TL;DR: In this article, the authors identify five common risk factors in the returns on stocks and bonds, including three stock-market factors: an overall market factor and factors related to firm size and book-to-market equity.

Abstract: This paper identities five common risk factors in the returns on stocks and bonds. There are three stock-market factors: an overall market factor and factors related to firm size and book-to-market equity. There are two bond-market factors. related to maturity and default risks. Stock returns have shared variation due to the stock-market factors, and they are linked to bond returns through shared variation in the bond-market factors. Except for low-grade corporates. the bond-market factors capture the common variation in bond returns. Most important. the five factors seem to explain average returns on stocks and bonds.

22,909 citations

••

TL;DR: In this paper, Bhandari et al. found that the relationship between market/3 and average return is flat, even when 3 is the only explanatory variable, and when the tests allow for variation in 3 that is unrelated to size.

Abstract: Two easily measured variables, size and book-to-market equity, combine to capture the cross-sectional variation in average stock returns associated with market 3, size, leverage, book-to-market equity, and earnings-price ratios. Moreover, when the tests allow for variation in 3 that is unrelated to size, the relation between market /3 and average return is flat, even when 3 is the only explanatory variable. THE ASSET-PRICING MODEL OF Sharpe (1964), Lintner (1965), and Black (1972) has long shaped the way academics and practitioners think about average returns and risk. The central prediction of the model is that the market portfolio of invested wealth is mean-variance efficient in the sense of Markowitz (1959). The efficiency of the market portfolio implies that (a) expected returns on securities are a positive linear function of their market O3s (the slope in the regression of a security's return on the market's return), and (b) market O3s suffice to describe the cross-section of expected returns. There are several empirical contradictions of the Sharpe-Lintner-Black (SLB) model. The most prominent is the size effect of Banz (1981). He finds that market equity, ME (a stock's price times shares outstanding), adds to the explanation of the cross-section of average returns provided by market Os. Average returns on small (low ME) stocks are too high given their f estimates, and average returns on large stocks are too low. Another contradiction of the SLB model is the positive relation between leverage and average return documented by Bhandari (1988). It is plausible that leverage is associated with risk and expected return, but in the SLB model, leverage risk should be captured by market S. Bhandari finds, howev er, that leverage helps explain the cross-section of average stock returns in tests that include size (ME) as well as A. Stattman (1980) and Rosenberg, Reid, and Lanstein (1985) find that average returns on U.S. stocks are positively related to the ratio of a firm's book value of common equity, BE, to its market value, ME. Chan, Hamao, and Lakonishok (1991) find that book-to-market equity, BE/ME, also has a strong role in explaining the cross-section of average returns on Japanese stocks.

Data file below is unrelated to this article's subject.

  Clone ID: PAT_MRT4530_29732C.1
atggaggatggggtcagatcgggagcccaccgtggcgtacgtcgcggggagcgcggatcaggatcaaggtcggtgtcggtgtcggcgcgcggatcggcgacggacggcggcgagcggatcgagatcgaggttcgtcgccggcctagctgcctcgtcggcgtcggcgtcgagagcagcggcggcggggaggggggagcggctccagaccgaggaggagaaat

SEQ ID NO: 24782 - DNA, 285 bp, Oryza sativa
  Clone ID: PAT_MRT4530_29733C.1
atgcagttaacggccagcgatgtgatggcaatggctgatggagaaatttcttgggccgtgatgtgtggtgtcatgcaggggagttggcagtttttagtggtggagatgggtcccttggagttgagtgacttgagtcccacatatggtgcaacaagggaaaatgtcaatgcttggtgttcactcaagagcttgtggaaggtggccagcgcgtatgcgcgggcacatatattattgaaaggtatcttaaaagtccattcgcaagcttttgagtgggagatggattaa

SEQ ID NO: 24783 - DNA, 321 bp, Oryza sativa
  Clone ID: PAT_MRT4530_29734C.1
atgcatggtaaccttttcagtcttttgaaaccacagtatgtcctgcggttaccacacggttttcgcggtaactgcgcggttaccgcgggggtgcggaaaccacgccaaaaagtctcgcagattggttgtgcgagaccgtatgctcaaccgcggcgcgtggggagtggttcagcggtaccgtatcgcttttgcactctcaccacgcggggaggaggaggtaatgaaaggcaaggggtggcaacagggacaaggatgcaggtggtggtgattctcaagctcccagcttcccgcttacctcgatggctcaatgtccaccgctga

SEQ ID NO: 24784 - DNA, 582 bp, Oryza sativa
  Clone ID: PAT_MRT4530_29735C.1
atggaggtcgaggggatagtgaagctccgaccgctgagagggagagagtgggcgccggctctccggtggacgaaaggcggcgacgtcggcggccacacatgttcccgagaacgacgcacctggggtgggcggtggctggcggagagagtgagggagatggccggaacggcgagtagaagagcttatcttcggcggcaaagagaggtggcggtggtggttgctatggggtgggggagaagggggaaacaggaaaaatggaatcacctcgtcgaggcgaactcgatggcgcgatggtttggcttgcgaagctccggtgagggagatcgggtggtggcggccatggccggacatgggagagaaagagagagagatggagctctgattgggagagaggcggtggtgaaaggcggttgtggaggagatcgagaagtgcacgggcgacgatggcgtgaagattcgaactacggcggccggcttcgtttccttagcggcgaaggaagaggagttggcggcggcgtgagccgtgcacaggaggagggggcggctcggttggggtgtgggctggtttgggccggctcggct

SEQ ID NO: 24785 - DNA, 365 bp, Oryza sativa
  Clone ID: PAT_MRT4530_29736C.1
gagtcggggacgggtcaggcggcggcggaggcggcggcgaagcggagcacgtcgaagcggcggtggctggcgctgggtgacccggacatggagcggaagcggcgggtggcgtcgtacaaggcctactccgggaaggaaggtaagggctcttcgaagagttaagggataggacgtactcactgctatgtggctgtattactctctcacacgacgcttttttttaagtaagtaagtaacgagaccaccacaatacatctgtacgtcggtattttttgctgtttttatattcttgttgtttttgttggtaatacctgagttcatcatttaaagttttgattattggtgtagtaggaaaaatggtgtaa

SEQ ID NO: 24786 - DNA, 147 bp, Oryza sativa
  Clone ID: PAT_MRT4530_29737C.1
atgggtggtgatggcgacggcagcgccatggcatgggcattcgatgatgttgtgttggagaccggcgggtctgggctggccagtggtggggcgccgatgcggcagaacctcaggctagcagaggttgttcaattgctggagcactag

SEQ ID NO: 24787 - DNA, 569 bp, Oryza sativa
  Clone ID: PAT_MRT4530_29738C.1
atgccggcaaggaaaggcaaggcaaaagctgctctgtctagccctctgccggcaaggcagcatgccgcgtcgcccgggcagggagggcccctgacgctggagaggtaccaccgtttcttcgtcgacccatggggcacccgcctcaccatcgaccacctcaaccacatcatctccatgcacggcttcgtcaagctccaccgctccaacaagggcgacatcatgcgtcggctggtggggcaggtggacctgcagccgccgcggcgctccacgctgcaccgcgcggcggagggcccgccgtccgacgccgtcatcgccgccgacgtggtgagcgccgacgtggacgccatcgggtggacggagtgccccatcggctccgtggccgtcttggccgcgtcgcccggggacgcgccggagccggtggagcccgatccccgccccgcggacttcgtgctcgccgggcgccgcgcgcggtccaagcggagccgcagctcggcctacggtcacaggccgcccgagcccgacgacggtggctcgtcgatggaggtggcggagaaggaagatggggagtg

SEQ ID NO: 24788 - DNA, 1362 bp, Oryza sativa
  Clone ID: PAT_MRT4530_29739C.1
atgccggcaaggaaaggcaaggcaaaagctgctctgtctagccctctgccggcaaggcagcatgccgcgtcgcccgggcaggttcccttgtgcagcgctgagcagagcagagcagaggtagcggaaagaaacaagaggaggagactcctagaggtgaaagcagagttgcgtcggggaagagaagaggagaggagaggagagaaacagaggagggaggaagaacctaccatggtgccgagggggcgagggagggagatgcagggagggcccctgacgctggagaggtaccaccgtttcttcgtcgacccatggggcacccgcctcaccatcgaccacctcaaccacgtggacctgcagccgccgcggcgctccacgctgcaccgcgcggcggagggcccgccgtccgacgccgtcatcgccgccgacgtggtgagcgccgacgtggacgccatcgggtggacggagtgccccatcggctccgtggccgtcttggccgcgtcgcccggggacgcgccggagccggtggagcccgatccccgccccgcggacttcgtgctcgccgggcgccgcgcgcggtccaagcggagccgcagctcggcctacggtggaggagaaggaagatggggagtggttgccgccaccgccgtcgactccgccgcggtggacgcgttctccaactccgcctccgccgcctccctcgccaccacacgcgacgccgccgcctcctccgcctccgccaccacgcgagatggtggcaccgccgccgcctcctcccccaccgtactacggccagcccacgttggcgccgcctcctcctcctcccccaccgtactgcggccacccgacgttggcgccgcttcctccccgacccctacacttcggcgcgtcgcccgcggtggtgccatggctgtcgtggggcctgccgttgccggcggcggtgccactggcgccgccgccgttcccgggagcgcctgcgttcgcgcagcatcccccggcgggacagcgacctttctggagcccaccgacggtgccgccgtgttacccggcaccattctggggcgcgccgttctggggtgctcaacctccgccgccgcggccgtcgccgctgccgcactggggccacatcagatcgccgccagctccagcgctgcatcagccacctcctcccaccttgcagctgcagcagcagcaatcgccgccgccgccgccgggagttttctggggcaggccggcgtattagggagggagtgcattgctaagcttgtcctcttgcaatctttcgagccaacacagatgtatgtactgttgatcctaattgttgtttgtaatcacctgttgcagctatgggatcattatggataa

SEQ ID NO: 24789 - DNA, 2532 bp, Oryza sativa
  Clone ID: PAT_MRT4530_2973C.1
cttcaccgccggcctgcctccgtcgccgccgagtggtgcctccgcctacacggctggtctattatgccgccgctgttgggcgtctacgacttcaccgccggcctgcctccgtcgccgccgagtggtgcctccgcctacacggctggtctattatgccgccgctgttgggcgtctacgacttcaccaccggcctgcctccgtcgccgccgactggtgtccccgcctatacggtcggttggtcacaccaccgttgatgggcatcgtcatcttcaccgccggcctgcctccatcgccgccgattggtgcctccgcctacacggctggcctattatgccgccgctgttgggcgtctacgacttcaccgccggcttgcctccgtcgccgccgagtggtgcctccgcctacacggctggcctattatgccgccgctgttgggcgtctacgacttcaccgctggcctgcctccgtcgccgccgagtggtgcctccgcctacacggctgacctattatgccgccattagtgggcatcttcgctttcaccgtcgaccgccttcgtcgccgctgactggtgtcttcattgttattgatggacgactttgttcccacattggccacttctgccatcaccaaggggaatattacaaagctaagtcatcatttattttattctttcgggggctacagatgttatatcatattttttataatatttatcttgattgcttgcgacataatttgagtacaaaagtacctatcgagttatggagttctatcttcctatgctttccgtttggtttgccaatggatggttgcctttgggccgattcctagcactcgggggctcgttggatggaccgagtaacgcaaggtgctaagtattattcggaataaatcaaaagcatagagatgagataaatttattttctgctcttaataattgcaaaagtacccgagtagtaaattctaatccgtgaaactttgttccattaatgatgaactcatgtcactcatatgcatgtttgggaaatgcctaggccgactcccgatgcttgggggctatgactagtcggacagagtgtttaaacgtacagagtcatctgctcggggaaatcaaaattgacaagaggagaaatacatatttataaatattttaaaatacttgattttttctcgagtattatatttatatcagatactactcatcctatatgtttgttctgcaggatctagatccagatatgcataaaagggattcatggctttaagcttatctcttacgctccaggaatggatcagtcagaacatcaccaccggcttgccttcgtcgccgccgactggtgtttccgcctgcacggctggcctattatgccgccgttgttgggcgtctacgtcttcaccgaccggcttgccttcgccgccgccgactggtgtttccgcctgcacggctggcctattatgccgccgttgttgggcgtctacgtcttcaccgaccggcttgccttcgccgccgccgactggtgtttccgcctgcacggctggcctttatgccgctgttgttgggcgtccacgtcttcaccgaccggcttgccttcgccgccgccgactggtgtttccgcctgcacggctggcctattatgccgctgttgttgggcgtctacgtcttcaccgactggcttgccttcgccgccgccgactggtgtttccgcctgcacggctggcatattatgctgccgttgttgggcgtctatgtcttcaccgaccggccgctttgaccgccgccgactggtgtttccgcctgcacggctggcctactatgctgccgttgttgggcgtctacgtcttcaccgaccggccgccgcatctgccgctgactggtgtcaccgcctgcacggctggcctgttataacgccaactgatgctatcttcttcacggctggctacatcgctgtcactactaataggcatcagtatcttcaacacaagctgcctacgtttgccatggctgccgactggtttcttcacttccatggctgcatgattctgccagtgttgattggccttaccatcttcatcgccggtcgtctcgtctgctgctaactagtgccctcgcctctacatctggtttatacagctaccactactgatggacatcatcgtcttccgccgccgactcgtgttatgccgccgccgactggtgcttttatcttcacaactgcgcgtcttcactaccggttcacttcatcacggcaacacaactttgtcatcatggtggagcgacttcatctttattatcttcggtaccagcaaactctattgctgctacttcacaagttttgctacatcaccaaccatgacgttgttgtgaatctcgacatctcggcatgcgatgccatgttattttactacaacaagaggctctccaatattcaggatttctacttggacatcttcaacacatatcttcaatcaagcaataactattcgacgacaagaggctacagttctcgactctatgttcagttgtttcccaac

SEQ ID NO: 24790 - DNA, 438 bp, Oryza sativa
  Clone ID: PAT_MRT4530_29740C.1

13,618 citations

••

TL;DR: In this paper, a firm that must issue common stock to raise cash to undertake a valuable investment opportunity is considered, and an equilibrium model of the issue-invest decision is developed under these assumptions.

Abstract: This paper considers a firm that must issue common stock to raise cash to undertake a valuable investment opportunity. Management is assumed to know more about the firm's value than potential investors. Investors interpret the firm's actions rationally. An equilibrium model of the issue-invest decision is developed under these assumptions. The model shows that firms may refuse to issue stock, and therefore may pass up valuable investment opportunities. The model suggests explanations for several aspects of corporate financing behavior, including the tendency to rely on internal sources of funds, and to prefer debt to equity if external financing is required. Extensions and applications of the model are discussed.

12,954 citations

•

TL;DR: The authors surveys research on corporate governance, with special attention to the importance of legal protection of investors and of ownership concentration in corporate governance systems around the world, and presents a survey of the literature.

Abstract: This paper surveys research on corporate governance, with special attention to the importance of legal protection of investors and of ownership concentration in corporate governance systems around the world.

12,833 citations